United States v. Brown
548 F.2d 1194 (1977)

  • Brown was a tax preparer and was arrested on suspicion of preparing fraudulent tax returns.
  • At trial, the prosecution put an IRS agent on the stand who testified that, “90-95% of Brown’s tax returns overstated the deductions.”
    • The IRS agent was testifying from memory about conversations she had had with the people Brown had prepared tax returns for.  She had no direct knowledge of whether the deductions were overstated, but she was relying on what people told her out of court.
    • Brown objected on the grounds that the evidence was hearsay.
  • The judge allowed the evidence to be admitted.
  • The Trial Court convicted Brown for tax fraud.  He appealed.
  • The Appellate Court overturned the conviction and remanded for a new trial.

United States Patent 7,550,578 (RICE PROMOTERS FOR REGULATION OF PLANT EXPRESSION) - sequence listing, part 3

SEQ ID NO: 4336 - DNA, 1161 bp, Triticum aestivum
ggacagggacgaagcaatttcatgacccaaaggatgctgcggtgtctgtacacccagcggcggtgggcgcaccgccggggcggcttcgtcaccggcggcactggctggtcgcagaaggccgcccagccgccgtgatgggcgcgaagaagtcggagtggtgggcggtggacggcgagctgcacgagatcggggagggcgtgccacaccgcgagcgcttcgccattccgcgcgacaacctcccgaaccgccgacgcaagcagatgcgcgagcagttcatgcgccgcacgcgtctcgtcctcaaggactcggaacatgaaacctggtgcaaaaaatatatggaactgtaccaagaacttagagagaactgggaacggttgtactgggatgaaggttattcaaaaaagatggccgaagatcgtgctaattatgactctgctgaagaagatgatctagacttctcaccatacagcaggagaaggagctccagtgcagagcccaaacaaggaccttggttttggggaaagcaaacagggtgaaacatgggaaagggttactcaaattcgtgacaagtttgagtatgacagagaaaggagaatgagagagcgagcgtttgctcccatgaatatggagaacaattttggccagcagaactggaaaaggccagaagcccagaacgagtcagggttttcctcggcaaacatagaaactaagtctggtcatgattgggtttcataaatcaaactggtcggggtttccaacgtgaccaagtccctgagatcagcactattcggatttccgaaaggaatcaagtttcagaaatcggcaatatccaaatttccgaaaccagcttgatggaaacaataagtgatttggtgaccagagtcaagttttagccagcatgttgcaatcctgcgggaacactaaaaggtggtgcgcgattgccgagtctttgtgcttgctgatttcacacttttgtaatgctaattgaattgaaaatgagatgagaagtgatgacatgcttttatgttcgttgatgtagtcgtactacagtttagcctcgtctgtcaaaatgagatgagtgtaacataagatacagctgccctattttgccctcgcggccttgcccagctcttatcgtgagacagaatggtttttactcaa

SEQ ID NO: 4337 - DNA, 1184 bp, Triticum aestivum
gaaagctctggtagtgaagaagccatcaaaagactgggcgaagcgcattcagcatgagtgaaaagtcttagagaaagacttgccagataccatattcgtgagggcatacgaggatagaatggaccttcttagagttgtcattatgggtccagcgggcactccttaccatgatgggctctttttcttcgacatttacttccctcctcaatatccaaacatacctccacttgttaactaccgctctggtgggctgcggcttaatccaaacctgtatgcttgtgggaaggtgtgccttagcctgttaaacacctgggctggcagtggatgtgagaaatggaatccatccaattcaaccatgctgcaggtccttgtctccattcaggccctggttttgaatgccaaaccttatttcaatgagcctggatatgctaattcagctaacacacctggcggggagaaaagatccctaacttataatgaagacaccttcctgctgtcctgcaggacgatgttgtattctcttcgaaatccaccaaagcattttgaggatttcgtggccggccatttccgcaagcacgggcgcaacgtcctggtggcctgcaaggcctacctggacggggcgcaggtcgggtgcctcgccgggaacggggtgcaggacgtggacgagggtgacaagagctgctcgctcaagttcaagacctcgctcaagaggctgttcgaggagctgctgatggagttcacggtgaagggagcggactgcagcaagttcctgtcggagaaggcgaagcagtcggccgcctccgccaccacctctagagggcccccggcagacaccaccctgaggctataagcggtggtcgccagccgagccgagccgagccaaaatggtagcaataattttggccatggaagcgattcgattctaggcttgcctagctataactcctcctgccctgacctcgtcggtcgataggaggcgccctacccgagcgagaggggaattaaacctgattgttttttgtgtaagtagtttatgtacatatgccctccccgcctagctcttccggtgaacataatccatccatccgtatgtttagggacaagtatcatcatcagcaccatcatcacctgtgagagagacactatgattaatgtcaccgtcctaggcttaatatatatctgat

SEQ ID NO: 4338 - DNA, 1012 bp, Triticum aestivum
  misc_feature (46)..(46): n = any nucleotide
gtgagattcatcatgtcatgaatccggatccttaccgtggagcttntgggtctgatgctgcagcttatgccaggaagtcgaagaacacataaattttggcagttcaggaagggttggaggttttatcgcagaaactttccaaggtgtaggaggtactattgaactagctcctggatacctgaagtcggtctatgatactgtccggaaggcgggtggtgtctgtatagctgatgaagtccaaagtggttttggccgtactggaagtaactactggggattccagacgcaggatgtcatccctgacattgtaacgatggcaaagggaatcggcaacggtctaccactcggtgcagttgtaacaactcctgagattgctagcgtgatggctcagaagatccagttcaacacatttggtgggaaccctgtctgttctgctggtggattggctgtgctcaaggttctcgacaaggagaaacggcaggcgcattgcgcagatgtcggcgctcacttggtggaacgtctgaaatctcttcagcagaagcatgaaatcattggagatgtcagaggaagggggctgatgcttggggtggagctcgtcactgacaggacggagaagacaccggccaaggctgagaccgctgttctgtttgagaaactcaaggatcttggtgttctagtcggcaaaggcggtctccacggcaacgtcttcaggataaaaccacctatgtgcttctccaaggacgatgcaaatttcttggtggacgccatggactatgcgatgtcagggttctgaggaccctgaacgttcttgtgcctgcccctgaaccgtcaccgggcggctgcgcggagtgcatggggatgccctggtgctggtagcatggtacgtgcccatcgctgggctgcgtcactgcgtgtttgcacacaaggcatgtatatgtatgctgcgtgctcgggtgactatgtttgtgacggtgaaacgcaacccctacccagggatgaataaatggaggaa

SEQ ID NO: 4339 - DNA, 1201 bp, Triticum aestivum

• The Appellate Court found that the testimony of the IRS agent was hearsay.
      • Brown did not have the opportunity to challenge the people who made the statements in Court.  In theory, he could have impeached the credibility of the witnesses or asked them questions to establish that he did not overstate the deductions.  But since they weren’t in Court, he had no way to defend against their accusations.
  • Notice that even though the evidence given (in-court testimony) is not the sort that is typically vulnerable to a hearsay objection, the testimony can still be hearsay if it is based on hearsay and not personal knowledge.
  • In a dissent, it was argued that the IRS agent audited the tax returns and therefore had enough ‘personal knowledge’ to make the statements without relying on what she heard from other people.
    • The IRS agent should have said something like, “I personally reviewed the records and in my opinion they overstated the deductions.”  That would be perfectly admissible.